I love to write. I love to tell stories. I love the connections that are made when words are strung together in just the right ways. I love when language just makes you feel it, whatever “it” may be, which is why I was so eager when asked to write about my time in Uganda right before departure.
I was thrilled that I would have the chance to retell the story of an over-seven-thousand-mile journey that would undoubtedly introduce me to fascinatingly inspiring people, places and experiences.
However, on the long-haul flight home, when I finally cracked open my journal to unleash (what I thought would be) magnificent prose on my African pilgrimage, I was greeted with a true loss for words. The time had finally come for me to put my raconteur skills to the test, yet I could actually feel the tumbleweeds rolling around my mind-scape. For anyone that knows me, it’s not too often that I’m scrambling for words to convey my feelings. When passion strikes, the floodgates open and I can’t/won’t shut up. But something about Uganda was different.
Upon reflection, I was stunted because I thought that anything I said would be a watered-down version of what actually happened.
To put it frankly, I was afraid of giving a Diet Rite rendition of a Coca Cola experience because I couldn’t string the right words together to show the reader the unadulterated truth and beauty of the Pearl of Africa.
It’s not that I haven’t told important stories before, it’s just that this trip was transformative in a way that needs to be shared. There is a vital nature in the lessons I learned from the beautiful people in Uganda that I now consider friends. And, believe me, I know the cheesiness and triteness in saying “Uganda was just life-changing for me,” but I also know that the person I am now and the person with pink hair who boarded for Entebbe at JFK are two separate entities (in the best way possible). The difference between who I was before and who I am now is simply the spirit of Uganda that found its way into my heart. And if I can find the right words to say here, I hope that whoever is reading this can find some space for a Ugandan metanoia too.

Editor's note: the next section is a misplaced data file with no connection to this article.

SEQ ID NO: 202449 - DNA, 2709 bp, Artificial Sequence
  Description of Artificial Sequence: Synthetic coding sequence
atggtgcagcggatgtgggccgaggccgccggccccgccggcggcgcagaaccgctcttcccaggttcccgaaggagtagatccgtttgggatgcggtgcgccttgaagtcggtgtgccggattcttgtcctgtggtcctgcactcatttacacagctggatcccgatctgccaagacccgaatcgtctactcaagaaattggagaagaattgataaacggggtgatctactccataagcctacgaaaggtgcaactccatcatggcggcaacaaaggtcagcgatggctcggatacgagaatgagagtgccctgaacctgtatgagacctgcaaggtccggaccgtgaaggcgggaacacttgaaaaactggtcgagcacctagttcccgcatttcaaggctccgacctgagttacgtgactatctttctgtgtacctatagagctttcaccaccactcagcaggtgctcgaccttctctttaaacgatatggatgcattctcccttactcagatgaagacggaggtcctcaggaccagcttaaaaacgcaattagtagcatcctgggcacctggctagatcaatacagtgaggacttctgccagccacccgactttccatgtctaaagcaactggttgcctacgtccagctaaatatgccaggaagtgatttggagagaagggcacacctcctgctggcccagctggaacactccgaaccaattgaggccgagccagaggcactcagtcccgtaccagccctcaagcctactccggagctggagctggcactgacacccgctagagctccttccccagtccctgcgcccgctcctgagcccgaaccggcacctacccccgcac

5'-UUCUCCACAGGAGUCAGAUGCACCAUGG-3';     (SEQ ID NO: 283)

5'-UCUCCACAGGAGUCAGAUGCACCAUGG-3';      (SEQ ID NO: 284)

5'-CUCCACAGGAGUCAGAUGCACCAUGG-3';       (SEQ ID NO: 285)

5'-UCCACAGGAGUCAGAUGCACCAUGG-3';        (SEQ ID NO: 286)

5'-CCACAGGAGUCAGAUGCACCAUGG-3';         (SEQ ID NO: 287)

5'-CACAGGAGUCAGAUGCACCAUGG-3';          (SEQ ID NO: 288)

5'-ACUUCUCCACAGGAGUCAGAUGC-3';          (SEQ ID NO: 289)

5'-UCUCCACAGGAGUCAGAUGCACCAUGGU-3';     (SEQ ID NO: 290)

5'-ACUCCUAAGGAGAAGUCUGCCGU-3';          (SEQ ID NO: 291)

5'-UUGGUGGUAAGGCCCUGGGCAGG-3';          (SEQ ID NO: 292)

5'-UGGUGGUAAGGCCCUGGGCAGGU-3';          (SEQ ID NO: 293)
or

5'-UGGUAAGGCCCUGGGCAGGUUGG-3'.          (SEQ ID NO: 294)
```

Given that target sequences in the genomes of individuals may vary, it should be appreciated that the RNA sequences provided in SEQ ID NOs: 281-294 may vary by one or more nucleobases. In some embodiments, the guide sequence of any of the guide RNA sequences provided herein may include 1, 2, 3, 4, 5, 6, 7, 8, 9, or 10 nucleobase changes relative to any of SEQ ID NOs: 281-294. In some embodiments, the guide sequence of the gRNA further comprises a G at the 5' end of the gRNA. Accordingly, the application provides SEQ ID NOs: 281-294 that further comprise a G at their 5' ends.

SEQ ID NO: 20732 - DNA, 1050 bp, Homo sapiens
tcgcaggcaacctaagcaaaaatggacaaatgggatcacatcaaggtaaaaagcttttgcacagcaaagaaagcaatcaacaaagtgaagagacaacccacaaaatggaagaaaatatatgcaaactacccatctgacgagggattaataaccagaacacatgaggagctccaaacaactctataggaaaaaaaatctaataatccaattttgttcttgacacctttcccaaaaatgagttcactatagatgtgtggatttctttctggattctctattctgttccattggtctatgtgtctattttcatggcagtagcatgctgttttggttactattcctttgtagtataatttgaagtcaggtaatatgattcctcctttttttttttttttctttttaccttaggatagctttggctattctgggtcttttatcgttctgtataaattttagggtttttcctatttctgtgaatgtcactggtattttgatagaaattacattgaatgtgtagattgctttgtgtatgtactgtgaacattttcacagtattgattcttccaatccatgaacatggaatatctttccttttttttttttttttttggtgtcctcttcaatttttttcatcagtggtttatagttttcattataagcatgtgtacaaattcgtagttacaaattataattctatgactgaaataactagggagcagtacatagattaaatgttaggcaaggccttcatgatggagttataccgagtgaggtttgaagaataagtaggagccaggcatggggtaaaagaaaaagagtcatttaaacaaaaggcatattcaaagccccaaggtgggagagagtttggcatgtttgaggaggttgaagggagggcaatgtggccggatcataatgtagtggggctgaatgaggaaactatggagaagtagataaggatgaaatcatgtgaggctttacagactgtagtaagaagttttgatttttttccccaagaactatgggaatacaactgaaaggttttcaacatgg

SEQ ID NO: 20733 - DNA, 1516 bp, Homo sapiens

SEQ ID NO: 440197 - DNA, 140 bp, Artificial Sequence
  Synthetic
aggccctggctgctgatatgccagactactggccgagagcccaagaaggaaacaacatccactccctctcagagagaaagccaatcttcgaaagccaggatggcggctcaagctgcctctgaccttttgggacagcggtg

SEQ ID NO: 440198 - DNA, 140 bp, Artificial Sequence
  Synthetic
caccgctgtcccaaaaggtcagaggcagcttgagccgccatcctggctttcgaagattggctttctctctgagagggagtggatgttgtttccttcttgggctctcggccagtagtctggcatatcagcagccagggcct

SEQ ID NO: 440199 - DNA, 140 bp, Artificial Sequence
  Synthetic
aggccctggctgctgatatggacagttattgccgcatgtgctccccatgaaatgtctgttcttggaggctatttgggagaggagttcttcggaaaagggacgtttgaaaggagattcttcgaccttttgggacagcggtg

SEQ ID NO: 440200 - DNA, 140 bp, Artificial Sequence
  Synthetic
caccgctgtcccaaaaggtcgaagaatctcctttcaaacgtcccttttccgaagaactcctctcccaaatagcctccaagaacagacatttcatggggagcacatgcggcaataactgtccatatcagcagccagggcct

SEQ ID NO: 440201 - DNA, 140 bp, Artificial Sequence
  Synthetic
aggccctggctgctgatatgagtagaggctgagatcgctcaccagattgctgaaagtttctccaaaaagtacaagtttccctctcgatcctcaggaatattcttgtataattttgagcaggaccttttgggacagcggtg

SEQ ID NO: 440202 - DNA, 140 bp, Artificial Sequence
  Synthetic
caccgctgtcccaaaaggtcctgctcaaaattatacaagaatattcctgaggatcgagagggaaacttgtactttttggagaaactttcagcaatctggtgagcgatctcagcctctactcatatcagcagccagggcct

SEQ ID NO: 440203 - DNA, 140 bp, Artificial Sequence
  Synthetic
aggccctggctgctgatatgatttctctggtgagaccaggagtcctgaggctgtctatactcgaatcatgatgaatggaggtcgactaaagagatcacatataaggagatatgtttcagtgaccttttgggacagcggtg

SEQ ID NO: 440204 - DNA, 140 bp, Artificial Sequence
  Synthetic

The ideal story-telling situation would be introducing you to everyone and anyone I met on this journey. But since I didn’t have access to the new Sony video-recording contact lenses, I’ll try to convey what I would have wanted you to experience.
I want your hands to feel the tears on the children’s clothing, but I also want you to see the joy in their eyes and their absolutely blinding smiles. I want you to hear the pride in the schoolteachers’ voices when speaking on advancements in their schools, but I also want you to hold a small student and feel every rib in their chest because they hadn’t been eating enough. I want you to wave and shout “Agandi!” or “Oli Otya!” to the men and women walking along the road, and be greeted with absolute fervor as if you had known them your entire life. I want to show you that while there are immeasurable sufferings in a developing third-world nation, there is infinitely more joy, love, kindness and happiness circulating in that atmosphere.
I want to try to explain how a child can be so happy to the point of dancing, even when they have nothing to their name beside their name itself. And even more so, I want to explain that what first world-ers might see as “nothing” might very well be “everything” we all so desperately need in our lives.